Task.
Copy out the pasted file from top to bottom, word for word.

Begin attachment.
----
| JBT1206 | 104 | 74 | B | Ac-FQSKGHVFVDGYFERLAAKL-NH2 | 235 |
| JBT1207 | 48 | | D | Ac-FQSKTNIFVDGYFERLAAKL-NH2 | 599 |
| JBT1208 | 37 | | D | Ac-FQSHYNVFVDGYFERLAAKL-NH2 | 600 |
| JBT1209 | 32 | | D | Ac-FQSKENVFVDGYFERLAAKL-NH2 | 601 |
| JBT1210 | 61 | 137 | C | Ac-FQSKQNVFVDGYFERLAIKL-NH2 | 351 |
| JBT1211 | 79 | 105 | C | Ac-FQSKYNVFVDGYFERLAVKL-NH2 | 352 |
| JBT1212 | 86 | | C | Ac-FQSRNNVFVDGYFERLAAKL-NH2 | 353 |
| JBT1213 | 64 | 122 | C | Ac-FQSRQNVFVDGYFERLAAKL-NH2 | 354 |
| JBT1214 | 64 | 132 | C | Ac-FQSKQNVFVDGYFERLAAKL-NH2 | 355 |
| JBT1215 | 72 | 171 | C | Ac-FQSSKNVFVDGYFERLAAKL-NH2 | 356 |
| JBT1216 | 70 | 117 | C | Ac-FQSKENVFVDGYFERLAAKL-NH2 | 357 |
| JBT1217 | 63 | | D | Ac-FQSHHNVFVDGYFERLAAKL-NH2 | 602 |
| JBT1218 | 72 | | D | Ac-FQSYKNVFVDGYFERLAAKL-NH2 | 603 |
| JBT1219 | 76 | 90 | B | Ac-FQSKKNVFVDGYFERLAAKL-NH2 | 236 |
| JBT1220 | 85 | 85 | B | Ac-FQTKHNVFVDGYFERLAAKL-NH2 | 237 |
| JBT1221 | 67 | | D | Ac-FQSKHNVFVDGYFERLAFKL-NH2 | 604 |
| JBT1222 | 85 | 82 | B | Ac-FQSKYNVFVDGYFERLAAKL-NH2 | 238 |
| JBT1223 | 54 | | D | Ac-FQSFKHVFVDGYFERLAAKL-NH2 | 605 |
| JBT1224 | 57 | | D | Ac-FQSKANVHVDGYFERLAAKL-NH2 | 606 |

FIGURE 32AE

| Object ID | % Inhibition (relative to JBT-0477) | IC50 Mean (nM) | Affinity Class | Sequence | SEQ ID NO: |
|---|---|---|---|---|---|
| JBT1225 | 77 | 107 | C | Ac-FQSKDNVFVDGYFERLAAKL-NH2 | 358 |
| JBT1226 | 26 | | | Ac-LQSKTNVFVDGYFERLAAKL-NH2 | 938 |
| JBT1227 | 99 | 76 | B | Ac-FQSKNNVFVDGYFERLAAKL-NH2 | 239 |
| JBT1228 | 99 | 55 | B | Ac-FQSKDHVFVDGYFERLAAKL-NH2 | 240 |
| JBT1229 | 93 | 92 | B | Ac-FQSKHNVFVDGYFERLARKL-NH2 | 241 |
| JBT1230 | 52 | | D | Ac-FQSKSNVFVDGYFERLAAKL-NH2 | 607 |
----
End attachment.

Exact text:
| JBT1206 | 104 | 74 | B | Ac-FQSKGHVFVDGYFERLAAKL-NH2 | 235 |
| JBT1207 | 48 | | D | Ac-FQSKTNIFVDGYFERLAAKL-NH2 | 599 |
| JBT1208 | 37 | | D | Ac-FQSHYNVFVDGYFERLAAKL-NH2 | 600 |
| JBT1209 | 32 | | D | Ac-FQSKENVFVDGYFERLAAKL-NH2 | 601 |
| JBT1210 | 61 | 137 | C | Ac-FQSKQNVFVDGYFERLAIKL-NH2 | 351 |
| JBT1211 | 79 | 105 | C | Ac-FQSKYNVFVDGYFERLAVKL-NH2 | 352 |
| JBT1212 | 86 | | C | Ac-FQSRNNVFVDGYFERLAAKL-NH2 | 353 |
| JBT1213 | 64 | 122 | C | Ac-FQSRQNVFVDGYFERLAAKL-NH2 | 354 |
| JBT1214 | 64 | 132 | C | Ac-FQSKQNVFVDGYFERLAAKL-NH2 | 355 |
| JBT1215 | 72 | 171 | C | Ac-FQSSKNVFVDGYFERLAAKL-NH2 | 356 |
| JBT1216 | 70 | 117 | C | Ac-FQSKENVFVDGYFERLAAKL-NH2 | 357 |
| JBT1217 | 63 | | D | Ac-FQSHHNVFVDGYFERLAAKL-NH2 | 602 |
| JBT1218 | 72 | | D | Ac-FQSYKNVFVDGYFERLAAKL-NH2 | 603 |
| JBT1219 | 76 | 90 | B | Ac-FQSKKNVFVDGYFERLAAKL-NH2 | 236 |
| JBT1220 | 85 | 85 | B | Ac-FQTKHNVFVDGYFERLAAKL-NH2 | 237 |
| JBT1221 | 67 | | D | Ac-FQSKHNVFVDGYFERLAFKL-NH2 | 604 |
| JBT1222 | 85 | 82 | B | Ac-FQSKYNVFVDGYFERLAAKL-NH2 | 238 |
| JBT1223 | 54 | | D | Ac-FQSFKHVFVDGYFERLAAKL-NH2 | 605 |
| JBT1224 | 57 | | D | Ac-FQSKANVHVDGYFERLAAKL-NH2 | 606 |

FIGURE 32AE

| Object ID | % Inhibition (relative to JBT-0477) | IC50 Mean (nM) | Affinity Class | Sequence | SEQ ID NO: |
|---|---|---|---|---|---|
| JBT1225 | 77 | 107 | C | Ac-FQSKDNVFVDGYFERLAAKL-NH2 | 358 |
| JBT1226 | 26 | | | Ac-LQSKTNVFVDGYFERLAAKL-NH2 | 938 |
| JBT1227 | 99 | 76 | B | Ac-FQSKNNVFVDGYFERLAAKL-NH2 | 239 |
| JBT1228 | 99 | 55 | B | Ac-FQSKDHVFVDGYFERLAAKL-NH2 | 240 |
| JBT1229 | 93 | 92 | B | Ac-FQSKHNVFVDGYFERLARKL-NH2 | 241 |
| JBT1230 | 52 | | D | Ac-FQSKSNVFVDGYFERLAAKL-NH2 | 607 |